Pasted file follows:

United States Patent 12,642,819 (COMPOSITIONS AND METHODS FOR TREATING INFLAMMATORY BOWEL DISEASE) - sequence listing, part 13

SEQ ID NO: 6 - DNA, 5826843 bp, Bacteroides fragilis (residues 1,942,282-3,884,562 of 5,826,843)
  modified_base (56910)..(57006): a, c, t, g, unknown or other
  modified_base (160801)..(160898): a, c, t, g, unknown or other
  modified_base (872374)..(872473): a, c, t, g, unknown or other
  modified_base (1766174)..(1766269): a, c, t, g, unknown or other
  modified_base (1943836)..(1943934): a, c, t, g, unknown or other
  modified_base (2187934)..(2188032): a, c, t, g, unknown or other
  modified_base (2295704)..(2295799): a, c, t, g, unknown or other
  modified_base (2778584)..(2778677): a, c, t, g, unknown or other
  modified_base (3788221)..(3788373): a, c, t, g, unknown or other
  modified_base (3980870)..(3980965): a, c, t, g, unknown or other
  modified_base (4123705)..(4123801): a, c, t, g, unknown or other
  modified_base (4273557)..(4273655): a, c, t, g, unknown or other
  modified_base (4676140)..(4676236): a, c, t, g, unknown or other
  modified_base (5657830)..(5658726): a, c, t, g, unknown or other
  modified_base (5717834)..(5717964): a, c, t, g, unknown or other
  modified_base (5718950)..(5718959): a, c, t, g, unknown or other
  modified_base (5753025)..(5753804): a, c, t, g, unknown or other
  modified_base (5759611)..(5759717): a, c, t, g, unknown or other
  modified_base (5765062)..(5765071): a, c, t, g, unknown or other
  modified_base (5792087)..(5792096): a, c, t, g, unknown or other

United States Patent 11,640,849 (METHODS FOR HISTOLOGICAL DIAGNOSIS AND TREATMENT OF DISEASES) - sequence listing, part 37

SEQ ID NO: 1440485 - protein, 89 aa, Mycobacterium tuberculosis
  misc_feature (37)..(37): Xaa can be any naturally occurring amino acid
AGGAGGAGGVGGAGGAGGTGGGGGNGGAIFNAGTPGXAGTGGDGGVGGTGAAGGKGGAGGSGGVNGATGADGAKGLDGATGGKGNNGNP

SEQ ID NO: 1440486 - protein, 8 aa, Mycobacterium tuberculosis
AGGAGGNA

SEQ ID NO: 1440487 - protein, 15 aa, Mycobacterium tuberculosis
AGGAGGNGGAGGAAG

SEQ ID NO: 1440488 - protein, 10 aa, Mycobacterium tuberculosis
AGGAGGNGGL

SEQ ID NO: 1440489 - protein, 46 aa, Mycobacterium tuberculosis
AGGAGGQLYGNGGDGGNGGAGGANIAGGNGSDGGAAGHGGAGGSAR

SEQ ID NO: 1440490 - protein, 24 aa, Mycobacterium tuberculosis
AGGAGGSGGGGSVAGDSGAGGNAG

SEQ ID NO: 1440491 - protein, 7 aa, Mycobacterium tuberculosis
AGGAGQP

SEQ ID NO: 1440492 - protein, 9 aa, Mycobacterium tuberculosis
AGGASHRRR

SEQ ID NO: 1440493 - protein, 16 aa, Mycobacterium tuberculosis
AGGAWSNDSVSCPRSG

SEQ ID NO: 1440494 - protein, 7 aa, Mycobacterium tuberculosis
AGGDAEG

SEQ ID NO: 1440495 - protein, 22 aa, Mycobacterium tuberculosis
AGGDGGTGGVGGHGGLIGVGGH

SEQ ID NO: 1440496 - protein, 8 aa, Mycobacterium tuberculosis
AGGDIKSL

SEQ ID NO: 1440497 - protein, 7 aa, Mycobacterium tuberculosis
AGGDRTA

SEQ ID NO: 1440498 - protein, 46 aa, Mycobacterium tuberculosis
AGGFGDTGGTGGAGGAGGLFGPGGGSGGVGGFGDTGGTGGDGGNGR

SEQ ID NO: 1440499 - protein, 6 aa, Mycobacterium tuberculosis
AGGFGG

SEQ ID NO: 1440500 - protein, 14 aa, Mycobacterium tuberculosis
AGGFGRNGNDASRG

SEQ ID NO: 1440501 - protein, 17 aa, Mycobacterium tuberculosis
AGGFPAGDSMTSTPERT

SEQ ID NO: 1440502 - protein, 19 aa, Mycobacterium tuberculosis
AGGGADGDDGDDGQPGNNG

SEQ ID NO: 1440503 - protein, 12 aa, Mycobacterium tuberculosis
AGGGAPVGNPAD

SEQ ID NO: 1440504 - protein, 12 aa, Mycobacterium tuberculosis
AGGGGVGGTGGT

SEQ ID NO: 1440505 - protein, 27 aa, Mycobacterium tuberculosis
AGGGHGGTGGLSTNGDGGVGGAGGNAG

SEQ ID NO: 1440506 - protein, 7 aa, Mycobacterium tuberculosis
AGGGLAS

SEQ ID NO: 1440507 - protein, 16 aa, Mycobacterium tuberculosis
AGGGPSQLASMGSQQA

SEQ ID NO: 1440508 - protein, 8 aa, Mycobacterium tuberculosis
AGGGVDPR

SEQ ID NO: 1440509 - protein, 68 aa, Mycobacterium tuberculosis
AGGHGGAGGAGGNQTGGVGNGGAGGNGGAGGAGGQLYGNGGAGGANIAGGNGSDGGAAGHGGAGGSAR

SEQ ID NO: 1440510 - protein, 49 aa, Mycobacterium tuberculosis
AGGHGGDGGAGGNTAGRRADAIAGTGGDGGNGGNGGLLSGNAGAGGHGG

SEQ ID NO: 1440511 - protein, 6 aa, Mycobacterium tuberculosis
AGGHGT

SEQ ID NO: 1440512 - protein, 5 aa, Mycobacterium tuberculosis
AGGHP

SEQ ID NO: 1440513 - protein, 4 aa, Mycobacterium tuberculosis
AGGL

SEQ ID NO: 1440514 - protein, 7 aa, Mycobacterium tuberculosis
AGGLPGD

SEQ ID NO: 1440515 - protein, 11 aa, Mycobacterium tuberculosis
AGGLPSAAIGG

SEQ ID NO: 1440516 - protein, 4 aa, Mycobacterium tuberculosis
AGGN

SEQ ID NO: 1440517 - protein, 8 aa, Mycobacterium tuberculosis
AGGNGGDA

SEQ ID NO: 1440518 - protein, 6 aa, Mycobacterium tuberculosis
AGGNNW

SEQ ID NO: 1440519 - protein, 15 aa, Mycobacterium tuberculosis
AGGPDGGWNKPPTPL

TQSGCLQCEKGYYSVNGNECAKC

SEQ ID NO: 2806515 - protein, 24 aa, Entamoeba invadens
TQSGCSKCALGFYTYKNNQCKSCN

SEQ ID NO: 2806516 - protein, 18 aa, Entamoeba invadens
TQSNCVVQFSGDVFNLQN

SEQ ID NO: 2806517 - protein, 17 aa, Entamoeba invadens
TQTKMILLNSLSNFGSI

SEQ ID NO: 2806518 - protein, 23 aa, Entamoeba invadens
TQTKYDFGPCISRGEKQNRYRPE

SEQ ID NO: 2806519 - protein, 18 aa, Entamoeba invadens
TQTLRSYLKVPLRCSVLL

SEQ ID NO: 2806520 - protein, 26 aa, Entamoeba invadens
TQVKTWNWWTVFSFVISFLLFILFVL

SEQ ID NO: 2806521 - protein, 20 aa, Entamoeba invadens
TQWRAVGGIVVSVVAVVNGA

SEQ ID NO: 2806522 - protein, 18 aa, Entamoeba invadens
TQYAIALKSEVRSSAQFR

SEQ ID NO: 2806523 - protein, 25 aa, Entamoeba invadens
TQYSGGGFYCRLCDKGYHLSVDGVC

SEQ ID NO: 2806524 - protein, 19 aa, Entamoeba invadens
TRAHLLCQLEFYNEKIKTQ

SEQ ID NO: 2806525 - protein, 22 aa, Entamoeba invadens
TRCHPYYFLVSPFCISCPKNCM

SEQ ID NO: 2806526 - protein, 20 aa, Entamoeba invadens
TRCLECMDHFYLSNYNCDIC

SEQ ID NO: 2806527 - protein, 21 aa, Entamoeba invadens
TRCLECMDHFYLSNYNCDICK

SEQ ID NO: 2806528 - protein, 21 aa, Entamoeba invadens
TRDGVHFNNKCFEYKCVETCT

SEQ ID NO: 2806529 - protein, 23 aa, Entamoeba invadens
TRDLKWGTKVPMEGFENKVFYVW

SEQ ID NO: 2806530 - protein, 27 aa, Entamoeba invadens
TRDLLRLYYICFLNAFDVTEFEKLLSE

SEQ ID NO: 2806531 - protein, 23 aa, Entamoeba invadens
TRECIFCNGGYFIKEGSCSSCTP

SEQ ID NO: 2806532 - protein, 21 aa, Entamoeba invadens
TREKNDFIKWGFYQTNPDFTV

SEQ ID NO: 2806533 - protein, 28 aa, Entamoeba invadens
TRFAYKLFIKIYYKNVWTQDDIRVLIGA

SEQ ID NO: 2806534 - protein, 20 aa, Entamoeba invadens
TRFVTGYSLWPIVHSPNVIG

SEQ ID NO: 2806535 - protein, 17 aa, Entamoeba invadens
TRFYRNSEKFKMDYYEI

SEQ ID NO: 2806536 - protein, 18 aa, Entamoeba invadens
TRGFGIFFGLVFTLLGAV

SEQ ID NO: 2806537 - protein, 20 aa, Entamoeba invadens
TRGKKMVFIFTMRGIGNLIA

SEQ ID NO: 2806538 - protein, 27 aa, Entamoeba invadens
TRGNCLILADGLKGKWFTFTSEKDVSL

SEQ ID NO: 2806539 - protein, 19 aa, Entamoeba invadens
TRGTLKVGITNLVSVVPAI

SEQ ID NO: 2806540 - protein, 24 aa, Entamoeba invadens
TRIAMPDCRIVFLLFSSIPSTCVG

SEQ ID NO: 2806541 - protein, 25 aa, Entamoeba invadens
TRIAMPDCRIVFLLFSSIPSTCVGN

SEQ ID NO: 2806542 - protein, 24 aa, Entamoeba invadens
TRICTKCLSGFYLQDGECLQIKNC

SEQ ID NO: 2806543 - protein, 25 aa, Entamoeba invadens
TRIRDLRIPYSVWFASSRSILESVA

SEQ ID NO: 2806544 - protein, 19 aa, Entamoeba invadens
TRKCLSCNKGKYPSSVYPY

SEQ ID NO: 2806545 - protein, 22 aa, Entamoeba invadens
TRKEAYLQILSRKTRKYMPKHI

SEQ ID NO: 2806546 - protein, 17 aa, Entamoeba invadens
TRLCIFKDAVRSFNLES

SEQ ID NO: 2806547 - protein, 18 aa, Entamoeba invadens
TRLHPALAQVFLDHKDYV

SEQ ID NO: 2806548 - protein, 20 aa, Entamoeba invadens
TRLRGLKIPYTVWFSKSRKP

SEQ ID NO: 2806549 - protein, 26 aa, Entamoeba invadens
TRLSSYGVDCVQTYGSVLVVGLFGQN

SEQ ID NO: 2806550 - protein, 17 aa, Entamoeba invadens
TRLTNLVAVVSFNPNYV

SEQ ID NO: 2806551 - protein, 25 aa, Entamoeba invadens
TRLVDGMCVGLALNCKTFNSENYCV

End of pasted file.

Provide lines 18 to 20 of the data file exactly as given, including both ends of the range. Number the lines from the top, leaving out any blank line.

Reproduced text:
  modified_base (5718950)..(5718959): a, c, t, g, unknown or other
  modified_base (5753025)..(5753804): a, c, t, g, unknown or other
  modified_base (5759611)..(5759717): a, c, t, g, unknown or other